Pure serendipity — my Airbnb host in Berlin this past March turned out to be a partner in this start-up venture. When we began comparing notes just conversationally, the overlap between their interests and my background in rural broadband enablement in Alberta and Canada was a bit freaky but also an immediate fit. I was introduced to the partners right away and we agreed to work on a North American angle, starting with SME ag producers in Canada as a test market.
What is the premise or framework?
The mobile app will use gamification technology to simplify and streamline the supply chain for local small and medium sized producers, distributors and purchasers. Using the smart phone to geo-tag photo records of products and shipment specifics build in record keeping while “putting a face to the food” – thereby encouraging transparency and enduring trust relationships. Financial transactions are also built in, recorded and tracked, thereby streamlining the payment process as well.Intended purpose?
The primary purpose of the app is to substantially increase the overall efficiency of the producer-consumer value chain, thereby reducing food wastage and improving the economics for small/medium producers and retail consumers.

Who is involved?

Access the website for principles and key members of the team:

What’s the eventual format and how will it function?
Still in development; hopefully I’ll have more on this by the time I come to Guelph.

What challenges do you expect in the uptake process of this app?
Part of my role is to design and oversee testing of the application, which will probably happen in Hungary as a first pilot project. This will involve in-depth qualitative analysis of end-user interaction with the technology

To whom will this app be most beneficial to? What are those benefits?
Smaller producers, especially those moving smaller amounts of produce into the wholesale and direct sale system. Greater and more timely movement of food volumes will cut waste, thereby increasing profits and long-term farmer and supply chain sustainability. In that sense, the app also has potential application in the urban agricultural and community gardening movements.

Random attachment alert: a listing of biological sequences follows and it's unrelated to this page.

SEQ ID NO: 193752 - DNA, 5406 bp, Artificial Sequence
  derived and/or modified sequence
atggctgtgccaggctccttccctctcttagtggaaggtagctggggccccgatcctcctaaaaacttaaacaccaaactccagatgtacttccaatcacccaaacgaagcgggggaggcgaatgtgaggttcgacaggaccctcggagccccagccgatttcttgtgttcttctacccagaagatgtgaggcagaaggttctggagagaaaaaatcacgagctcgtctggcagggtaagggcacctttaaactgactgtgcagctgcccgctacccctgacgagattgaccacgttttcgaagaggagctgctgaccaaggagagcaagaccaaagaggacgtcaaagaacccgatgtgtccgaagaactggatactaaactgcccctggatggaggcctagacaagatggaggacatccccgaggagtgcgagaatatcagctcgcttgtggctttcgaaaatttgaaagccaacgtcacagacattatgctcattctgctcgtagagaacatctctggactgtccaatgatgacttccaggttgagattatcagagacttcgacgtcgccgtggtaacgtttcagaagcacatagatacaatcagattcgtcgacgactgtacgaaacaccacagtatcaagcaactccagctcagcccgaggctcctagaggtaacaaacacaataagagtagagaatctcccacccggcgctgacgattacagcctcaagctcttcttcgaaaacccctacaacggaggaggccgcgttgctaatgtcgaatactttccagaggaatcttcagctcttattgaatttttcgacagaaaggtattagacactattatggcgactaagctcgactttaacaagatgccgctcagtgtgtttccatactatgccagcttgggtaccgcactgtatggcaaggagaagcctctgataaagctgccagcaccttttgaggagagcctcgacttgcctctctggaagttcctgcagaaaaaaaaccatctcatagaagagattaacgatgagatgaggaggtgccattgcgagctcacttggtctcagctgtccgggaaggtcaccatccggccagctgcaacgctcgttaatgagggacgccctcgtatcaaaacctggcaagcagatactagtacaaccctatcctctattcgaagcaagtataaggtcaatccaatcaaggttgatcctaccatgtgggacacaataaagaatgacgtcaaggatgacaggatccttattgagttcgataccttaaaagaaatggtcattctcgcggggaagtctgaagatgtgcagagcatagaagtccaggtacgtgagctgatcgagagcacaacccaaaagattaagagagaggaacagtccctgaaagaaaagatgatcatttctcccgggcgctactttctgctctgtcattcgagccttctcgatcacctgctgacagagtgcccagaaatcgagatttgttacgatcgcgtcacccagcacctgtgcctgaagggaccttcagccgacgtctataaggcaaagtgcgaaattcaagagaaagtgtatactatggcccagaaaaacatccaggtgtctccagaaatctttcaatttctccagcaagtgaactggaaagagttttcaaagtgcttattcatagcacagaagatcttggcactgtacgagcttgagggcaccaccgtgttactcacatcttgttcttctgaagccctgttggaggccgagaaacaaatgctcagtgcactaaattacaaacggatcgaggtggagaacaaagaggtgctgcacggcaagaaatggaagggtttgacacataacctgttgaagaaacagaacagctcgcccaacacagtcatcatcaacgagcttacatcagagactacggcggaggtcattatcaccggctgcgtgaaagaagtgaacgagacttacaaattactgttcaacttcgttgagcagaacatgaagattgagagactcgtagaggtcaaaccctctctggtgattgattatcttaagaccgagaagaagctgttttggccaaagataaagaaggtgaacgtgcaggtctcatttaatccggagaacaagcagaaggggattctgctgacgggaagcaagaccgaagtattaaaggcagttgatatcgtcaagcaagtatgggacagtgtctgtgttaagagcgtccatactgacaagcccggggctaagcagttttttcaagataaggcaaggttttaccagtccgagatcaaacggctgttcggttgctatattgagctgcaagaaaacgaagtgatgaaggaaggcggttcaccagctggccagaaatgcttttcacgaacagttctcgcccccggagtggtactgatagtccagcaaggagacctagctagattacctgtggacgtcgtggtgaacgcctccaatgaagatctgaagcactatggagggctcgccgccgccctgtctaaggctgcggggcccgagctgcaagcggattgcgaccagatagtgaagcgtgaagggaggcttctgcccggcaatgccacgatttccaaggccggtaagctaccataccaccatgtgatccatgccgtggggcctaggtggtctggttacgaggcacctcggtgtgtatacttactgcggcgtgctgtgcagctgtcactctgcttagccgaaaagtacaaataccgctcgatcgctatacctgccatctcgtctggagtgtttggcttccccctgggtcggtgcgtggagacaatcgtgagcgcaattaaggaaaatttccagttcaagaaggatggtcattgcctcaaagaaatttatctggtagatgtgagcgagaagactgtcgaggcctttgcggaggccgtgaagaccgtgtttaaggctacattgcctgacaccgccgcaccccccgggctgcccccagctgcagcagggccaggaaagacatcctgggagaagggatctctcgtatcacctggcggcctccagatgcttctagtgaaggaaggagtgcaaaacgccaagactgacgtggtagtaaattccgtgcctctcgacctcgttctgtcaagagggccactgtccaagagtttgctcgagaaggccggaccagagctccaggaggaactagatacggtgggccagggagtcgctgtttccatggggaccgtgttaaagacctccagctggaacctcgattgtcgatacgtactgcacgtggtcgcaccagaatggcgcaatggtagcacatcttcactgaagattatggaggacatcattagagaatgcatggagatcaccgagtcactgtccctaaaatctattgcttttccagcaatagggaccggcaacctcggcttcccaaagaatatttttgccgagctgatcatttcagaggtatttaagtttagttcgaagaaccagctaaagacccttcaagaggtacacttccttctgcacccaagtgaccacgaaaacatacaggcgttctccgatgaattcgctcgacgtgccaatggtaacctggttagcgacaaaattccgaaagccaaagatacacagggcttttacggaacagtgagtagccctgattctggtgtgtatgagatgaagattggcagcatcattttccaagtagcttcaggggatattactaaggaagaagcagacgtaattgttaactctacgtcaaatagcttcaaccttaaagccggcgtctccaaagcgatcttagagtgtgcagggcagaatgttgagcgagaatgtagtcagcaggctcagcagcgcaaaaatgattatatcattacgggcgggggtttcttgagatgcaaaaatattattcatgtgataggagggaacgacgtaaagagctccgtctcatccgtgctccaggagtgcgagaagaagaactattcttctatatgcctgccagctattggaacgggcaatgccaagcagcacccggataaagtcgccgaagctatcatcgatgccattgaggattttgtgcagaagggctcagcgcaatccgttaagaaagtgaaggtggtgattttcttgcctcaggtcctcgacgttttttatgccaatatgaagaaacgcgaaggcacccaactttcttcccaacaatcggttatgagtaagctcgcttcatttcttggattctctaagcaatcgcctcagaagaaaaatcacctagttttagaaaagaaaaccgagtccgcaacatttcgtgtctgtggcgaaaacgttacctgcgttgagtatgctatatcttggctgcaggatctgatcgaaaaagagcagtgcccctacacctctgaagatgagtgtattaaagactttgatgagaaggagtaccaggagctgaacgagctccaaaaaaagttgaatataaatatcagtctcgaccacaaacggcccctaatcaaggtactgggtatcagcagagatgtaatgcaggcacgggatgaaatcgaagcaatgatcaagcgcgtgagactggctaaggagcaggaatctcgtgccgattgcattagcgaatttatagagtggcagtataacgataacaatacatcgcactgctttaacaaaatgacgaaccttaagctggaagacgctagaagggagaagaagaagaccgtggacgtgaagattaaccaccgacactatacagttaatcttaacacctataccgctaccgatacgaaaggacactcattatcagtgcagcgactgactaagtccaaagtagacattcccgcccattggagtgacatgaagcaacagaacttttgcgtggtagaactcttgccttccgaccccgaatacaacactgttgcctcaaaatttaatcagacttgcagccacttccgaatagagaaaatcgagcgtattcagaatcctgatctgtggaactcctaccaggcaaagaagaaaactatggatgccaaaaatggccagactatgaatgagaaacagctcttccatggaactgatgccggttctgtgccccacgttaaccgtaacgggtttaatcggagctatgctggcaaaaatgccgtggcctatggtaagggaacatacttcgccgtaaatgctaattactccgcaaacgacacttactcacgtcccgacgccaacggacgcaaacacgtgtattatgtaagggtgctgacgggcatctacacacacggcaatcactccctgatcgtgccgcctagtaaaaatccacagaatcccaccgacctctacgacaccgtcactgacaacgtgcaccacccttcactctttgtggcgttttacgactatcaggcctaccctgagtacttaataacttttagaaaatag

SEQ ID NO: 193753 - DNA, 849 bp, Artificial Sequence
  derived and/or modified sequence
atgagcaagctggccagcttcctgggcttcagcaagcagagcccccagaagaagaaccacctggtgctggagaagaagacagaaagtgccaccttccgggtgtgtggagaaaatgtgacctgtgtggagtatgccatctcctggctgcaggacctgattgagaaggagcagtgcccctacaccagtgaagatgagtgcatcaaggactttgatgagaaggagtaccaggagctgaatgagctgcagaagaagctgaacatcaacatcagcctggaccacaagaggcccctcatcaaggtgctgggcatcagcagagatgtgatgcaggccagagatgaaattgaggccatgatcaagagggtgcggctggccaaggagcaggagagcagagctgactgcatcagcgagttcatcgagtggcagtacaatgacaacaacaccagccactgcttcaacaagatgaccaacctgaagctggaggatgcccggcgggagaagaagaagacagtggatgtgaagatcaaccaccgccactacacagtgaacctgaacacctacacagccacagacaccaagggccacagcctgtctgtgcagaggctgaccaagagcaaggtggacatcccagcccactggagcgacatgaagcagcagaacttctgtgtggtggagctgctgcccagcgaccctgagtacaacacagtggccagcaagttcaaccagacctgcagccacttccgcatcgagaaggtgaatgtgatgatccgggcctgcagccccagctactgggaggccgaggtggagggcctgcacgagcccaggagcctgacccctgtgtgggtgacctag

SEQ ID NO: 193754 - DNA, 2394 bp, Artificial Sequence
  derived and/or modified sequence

What development processes are you incorporating prior to widespread release?
The app itself is in coding and pre-testing, with farmers’ market testing being done; concurrently, the qualitative research design

Is this app viable on a global scale or is aimed at certain regions? What impact is PLANTI anticipated to have on supply chains and food systems?
The app has direct relevance to those jurisdictions, such as Eastern Europe, where the supply chain is still rooted in a smaller producer ecosystem. In Hungary, for example, more than 500,000 farms are 4 hectares or less in size. That’s a huge market dying for efficiency. But in principle the app is also scalable and could have a role in precision agriculture domains as well where likewise distribution systems could use some fine tuning.

How does the importance of rural broadband access relate to PLANTI? 
The app depends on robust wireless broadband, which of course is typically under girded by fibre infrastructure.

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Incoming Rural Internet Investments to help Connect Canadians

Election campaigns are ramping up across the country and there is a flurry of announcements from the Federal government relating to connecting Canadians.

Canada’s 150th celebration is approaching in a few years and in preparation, Canada has launched its’ Digital Canada 150 strategy. First announced back in 2011, this strategy is aimed at preparing Canada for the digital future, making sure Canadians remain competitive in the global market. This announcement included a statement saying 98% of Canadians will be connected with a minimum target speed of 5mbps. Accompanying that is $305M provided to invest in rural high-speed internet services.